[Python-Dev] [Python-3000] PEP 361: Python 2.6/3.0 release schedule
barry at python.org
Tue Mar 18 15:47:51 CET 2008
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On Mar 18, 2008, at 2:04 AM, Travis Oliphant wrote:
> Hey Barry,
> Thanks for putting this PEP together. This is really helpful.
Hi Travis... thanks!
> I didn't see discussion of PEP 3118 and it's features back-ported to
> Python 2.6. I've already back-ported the new buffer API as an
> to the old buffer protocol.
> In addition, I've planned to back-port the improvements to the struct
> module and the addition of the memoryview object (both in PEP 3118).
> If you have questions, we can talk tomorrow.
Let's do that. Neal has put together a list of things that he thinks
needs to be backported. We should formalize that list (as best we can
given we're still in alpha), and add it to the PEP. I think we should
also make sure we have open issues in the tracker for each backporting
Neal and I talked about this yesterday too and came up with some
general guidelines. The view we have is that through conservative use
of future imports and backports, we want to start closing the gap
between 2.6 and 3.0. It'll still be fairly wide though, so we'll use
2.7/3.1 to close it even further by doing things like backporting more
stuff, de-futurizing features in 2.6, etc. It may be that we should
take a very conservative approach to new features in the next few
major release (in both families), concentrating instead on stabilizing
what we've got and helping make the transition less and less painful.
So you could imagine that 2.8/3.2 would close the gap far enough that
it wouldn't be much more work to move from 2.8 to 3.2 than it would be
to move from 2.5 to 2.6.
Some other thoughts: we might want to shorten our post 2.6/3.0 release
cycles, say to 1 year or less so that we can help speed this
transition. If we try hard to keep new features to a minimum, this
might be possible, but we also have to avoid churn. Quite a few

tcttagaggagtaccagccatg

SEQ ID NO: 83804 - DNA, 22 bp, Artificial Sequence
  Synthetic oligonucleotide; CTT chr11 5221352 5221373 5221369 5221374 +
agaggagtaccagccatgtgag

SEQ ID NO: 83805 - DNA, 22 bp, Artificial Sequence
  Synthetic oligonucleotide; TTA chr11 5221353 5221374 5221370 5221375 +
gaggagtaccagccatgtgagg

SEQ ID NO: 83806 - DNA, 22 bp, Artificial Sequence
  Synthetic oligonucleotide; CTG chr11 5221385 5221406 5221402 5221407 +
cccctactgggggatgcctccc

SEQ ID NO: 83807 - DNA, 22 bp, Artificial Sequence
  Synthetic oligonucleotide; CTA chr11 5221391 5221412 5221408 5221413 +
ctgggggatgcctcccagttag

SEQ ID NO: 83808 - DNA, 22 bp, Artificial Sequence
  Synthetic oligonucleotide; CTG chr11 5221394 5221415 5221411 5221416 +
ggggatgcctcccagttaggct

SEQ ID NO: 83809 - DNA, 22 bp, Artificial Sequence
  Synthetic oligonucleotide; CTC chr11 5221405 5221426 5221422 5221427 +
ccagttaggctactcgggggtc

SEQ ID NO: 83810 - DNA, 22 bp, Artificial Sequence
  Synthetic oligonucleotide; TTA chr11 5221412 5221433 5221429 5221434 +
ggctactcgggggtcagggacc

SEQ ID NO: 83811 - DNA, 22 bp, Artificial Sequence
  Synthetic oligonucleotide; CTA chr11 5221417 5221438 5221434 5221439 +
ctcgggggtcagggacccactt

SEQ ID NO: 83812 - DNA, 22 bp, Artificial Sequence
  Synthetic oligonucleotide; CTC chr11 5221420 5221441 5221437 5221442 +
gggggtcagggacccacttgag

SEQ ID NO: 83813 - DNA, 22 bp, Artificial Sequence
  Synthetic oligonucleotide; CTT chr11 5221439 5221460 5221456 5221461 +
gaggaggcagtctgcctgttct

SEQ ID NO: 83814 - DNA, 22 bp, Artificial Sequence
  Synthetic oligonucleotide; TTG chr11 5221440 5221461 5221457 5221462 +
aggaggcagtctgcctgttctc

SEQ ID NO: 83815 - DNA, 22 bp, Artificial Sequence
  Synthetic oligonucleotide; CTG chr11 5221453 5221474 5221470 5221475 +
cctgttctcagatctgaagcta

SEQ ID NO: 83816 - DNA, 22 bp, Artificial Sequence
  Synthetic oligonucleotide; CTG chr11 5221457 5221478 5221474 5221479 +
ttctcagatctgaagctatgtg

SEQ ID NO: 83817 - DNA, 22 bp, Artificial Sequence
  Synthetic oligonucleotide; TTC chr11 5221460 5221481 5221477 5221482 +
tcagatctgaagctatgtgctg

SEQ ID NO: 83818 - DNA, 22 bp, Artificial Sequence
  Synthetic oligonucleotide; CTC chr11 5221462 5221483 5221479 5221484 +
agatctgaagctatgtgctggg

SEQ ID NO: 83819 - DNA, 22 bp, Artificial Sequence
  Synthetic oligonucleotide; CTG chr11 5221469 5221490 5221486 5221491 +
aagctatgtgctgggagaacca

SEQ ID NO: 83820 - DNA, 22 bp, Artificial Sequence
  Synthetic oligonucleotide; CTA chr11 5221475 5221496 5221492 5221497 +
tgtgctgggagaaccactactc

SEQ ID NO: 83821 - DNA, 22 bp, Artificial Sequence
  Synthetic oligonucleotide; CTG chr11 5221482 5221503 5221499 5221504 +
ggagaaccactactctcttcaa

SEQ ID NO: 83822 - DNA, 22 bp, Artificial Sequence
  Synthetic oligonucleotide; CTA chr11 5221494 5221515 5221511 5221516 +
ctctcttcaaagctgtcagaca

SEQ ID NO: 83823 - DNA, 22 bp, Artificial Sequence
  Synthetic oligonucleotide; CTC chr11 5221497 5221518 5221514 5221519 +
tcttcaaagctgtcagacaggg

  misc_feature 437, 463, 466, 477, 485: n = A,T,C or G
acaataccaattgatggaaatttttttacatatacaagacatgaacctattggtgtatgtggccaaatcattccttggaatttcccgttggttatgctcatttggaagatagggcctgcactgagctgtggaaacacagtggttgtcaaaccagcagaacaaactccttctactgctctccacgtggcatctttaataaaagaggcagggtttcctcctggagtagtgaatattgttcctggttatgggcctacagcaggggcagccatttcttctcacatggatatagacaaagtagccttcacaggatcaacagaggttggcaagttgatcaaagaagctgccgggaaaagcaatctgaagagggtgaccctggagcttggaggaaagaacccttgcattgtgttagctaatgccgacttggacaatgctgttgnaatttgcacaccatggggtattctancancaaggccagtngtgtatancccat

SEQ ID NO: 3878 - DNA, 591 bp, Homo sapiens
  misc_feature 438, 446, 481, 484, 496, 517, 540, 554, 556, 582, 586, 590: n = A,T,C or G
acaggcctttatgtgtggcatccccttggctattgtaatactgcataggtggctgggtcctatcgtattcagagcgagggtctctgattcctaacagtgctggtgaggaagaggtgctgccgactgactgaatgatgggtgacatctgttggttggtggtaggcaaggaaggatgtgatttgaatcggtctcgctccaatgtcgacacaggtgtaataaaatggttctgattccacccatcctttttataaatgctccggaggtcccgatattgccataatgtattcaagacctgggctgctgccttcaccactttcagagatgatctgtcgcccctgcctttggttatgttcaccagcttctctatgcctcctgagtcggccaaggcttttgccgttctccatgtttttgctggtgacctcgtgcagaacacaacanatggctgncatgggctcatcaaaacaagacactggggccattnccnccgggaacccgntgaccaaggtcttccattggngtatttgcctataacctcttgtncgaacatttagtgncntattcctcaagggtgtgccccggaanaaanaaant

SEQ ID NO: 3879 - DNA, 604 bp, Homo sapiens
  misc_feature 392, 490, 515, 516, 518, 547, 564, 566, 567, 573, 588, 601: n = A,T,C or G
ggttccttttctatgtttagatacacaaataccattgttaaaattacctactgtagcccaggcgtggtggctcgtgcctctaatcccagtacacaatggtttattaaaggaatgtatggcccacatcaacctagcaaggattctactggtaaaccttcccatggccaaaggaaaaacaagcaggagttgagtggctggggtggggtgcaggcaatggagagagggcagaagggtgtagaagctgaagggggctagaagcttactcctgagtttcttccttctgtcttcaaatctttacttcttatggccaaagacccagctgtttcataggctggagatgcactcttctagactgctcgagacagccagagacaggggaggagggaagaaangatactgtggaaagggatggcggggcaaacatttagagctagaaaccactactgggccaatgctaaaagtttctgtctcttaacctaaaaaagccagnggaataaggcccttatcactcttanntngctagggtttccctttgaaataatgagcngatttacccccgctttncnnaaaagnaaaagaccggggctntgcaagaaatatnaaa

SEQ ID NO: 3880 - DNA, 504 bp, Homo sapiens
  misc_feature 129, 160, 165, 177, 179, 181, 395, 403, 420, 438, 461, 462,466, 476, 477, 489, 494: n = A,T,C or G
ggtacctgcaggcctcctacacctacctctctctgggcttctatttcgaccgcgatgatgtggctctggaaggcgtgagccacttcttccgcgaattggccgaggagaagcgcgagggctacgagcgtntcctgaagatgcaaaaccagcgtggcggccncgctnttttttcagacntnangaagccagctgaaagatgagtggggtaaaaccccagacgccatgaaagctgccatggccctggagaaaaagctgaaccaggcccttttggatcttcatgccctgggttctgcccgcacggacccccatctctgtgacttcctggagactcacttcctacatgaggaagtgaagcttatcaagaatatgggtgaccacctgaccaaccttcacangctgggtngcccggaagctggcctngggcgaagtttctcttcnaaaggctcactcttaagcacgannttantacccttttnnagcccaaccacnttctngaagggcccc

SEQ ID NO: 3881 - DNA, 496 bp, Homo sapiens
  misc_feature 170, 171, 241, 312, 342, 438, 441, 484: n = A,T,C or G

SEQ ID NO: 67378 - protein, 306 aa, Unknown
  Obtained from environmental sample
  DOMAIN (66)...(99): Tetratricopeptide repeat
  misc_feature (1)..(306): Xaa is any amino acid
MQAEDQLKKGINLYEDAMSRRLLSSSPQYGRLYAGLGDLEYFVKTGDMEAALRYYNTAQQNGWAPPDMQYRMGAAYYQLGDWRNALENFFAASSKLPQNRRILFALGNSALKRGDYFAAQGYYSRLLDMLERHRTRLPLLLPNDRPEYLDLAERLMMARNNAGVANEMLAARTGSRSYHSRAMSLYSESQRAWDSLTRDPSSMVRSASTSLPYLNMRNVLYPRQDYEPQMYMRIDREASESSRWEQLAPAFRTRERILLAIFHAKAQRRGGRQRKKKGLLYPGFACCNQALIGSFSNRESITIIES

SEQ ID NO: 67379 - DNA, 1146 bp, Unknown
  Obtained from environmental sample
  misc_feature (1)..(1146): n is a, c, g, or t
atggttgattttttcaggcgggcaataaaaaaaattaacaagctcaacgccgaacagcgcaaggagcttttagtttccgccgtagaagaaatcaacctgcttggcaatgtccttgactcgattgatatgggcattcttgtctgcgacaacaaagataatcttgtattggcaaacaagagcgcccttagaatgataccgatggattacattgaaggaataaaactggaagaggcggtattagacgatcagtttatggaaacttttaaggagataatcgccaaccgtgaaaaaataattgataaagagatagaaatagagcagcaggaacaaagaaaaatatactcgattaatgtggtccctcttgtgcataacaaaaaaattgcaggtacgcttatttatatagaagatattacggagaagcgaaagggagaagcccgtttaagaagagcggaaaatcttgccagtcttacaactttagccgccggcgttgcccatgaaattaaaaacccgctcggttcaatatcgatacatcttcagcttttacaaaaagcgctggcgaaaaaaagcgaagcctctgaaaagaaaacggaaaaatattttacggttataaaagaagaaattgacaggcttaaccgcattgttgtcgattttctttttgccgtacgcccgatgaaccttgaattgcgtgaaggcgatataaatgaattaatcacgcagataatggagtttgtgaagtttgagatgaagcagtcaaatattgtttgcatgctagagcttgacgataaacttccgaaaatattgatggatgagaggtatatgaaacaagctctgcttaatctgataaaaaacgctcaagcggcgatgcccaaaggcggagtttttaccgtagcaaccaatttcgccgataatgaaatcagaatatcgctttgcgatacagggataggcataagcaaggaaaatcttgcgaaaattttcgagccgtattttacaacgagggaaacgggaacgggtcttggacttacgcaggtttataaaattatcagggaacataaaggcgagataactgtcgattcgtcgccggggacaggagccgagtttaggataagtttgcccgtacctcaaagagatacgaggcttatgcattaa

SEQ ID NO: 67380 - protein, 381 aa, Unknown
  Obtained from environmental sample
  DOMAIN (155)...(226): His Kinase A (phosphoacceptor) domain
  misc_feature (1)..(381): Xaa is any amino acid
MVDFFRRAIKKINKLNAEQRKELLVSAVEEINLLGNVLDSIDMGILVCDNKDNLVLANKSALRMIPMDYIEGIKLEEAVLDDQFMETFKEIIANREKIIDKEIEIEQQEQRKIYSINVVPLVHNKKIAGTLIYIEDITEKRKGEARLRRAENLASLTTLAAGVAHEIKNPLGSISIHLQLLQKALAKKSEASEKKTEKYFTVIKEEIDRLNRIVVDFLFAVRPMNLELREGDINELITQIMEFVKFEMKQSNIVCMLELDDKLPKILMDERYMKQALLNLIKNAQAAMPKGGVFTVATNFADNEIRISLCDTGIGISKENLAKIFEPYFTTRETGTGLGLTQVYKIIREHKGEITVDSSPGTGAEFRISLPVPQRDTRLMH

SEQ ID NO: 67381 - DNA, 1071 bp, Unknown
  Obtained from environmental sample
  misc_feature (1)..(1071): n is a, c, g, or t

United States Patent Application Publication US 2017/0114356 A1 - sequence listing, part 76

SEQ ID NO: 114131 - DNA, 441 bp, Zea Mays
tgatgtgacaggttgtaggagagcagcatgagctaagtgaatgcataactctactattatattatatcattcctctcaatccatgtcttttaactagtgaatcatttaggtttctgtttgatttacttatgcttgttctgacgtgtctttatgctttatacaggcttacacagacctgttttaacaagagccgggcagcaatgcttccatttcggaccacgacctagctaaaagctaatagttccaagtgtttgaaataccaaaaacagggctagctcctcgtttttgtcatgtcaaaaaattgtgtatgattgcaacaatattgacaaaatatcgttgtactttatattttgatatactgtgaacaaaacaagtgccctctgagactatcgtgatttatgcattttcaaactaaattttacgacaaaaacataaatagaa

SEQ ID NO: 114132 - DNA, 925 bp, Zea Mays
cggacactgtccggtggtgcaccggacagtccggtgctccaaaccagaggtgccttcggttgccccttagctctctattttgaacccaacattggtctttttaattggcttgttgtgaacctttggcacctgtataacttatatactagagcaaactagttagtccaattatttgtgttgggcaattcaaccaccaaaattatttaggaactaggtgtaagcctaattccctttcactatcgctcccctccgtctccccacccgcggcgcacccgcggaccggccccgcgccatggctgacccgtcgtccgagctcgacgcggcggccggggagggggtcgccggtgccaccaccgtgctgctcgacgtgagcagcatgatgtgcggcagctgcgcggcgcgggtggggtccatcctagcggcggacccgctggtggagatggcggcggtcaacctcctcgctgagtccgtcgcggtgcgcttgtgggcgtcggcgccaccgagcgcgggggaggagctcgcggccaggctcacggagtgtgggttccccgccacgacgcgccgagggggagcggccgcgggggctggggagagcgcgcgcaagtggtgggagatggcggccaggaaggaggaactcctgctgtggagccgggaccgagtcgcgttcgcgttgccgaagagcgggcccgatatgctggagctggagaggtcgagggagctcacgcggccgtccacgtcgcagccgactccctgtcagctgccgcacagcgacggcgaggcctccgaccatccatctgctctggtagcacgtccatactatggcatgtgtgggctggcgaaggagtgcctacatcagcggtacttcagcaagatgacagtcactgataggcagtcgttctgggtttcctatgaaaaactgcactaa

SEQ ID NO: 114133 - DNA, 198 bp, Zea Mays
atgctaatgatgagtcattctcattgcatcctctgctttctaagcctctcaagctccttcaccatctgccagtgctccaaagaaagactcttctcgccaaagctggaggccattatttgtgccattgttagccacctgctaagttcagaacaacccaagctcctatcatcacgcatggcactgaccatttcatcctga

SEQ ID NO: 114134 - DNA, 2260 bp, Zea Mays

people expressed to me that it might be 5 years before they switch
fully to 3.0. That seems fine to me, given that some big Python shops
are still on 2.2 or <gasp> 1.5 and 1.6. So 3 years from 2.6/3.0 to
2.8/3.2 doesn't seem to wildly outrageous to me.
Given this longer view of the transition, we can be more conservative
about what we backport to 2.6. A general principle would be anything
that is brand new syntax in 3.0 can be backported, because there won't
be any existing code in 2.6 that could break. Anything that can be
enabled through a future-import might be a candidate, but you have to
be careful about tricky semantic differences. For example, changing
the meaning of dict.keys() via a future-import is not a good idea.
One thing I would like to see is "from __future__ import
unicode_strings" or some such. The only thing this would do is allow
you to write unicode string literals in Python 2.6 without the u''
prefix. That's a fairly localized change (affecting just the file the
literals appear in), but it would go a long way toward closing that gap.
One question that came up was whether we have enough bitfields to
handle all the future statements we might have, and whether you even
want to see Python 2.6 code sprinkled with lots of future statements.
Does it make sense to have a "from __future__ import python3"
umbrella? Will we really have that many future statements?
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